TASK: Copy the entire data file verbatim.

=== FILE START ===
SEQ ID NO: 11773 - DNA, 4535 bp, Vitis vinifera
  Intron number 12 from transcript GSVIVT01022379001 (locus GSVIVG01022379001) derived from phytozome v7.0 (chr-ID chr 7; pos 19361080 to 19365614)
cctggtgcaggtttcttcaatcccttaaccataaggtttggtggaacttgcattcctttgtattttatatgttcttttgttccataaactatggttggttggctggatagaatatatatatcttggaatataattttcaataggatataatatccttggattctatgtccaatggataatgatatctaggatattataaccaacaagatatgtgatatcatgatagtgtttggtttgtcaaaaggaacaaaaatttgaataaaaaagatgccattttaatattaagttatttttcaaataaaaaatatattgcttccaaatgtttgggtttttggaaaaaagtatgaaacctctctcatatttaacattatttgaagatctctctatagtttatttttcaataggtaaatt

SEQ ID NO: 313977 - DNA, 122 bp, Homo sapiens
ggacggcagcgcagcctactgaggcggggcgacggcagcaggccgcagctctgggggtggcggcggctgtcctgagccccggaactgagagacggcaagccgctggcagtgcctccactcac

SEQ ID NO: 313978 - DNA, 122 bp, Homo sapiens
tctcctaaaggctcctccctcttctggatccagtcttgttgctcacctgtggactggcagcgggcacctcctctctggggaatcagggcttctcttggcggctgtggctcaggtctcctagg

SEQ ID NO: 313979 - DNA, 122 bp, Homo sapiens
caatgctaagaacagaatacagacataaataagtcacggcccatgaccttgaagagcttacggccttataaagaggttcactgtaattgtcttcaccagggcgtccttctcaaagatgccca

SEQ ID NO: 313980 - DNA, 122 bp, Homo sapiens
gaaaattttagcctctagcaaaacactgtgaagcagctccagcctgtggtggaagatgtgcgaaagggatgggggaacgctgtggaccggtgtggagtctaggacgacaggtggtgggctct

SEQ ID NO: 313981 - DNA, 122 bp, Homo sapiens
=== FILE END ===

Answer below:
SEQ ID NO: 11773 - DNA, 4535 bp, Vitis vinifera
  Intron number 12 from transcript GSVIVT01022379001 (locus GSVIVG01022379001) derived from phytozome v7.0 (chr-ID chr 7; pos 19361080 to 19365614)
cctggtgcaggtttcttcaatcccttaaccataaggtttggtggaacttgcattcctttgtattttatatgttcttttgttccataaactatggttggttggctggatagaatatatatatcttggaatataattttcaataggatataatatccttggattctatgtccaatggataatgatatctaggatattataaccaacaagatatgtgatatcatgatagtgtttggtttgtcaaaaggaacaaaaatttgaataaaaaagatgccattttaatattaagttatttttcaaataaaaaatatattgcttccaaatgtttgggtttttggaaaaaagtatgaaacctctctcatatttaacattatttgaagatctctctatagtttatttttcaataggtaaatt

SEQ ID NO: 313977 - DNA, 122 bp, Homo sapiens
ggacggcagcgcagcctactgaggcggggcgacggcagcaggccgcagctctgggggtggcggcggctgtcctgagccccggaactgagagacggcaagccgctggcagtgcctccactcac

SEQ ID NO: 313978 - DNA, 122 bp, Homo sapiens
tctcctaaaggctcctccctcttctggatccagtcttgttgctcacctgtggactggcagcgggcacctcctctctggggaatcagggcttctcttggcggctgtggctcaggtctcctagg

SEQ ID NO: 313979 - DNA, 122 bp, Homo sapiens
caatgctaagaacagaatacagacataaataagtcacggcccatgaccttgaagagcttacggccttataaagaggttcactgtaattgtcttcaccagggcgtccttctcaaagatgccca

SEQ ID NO: 313980 - DNA, 122 bp, Homo sapiens
gaaaattttagcctctagcaaaacactgtgaagcagctccagcctgtggtggaagatgtgcgaaagggatgggggaacgctgtggaccggtgtggagtctaggacgacaggtggtgggctct

SEQ ID NO: 313981 - DNA, 122 bp, Homo sapiens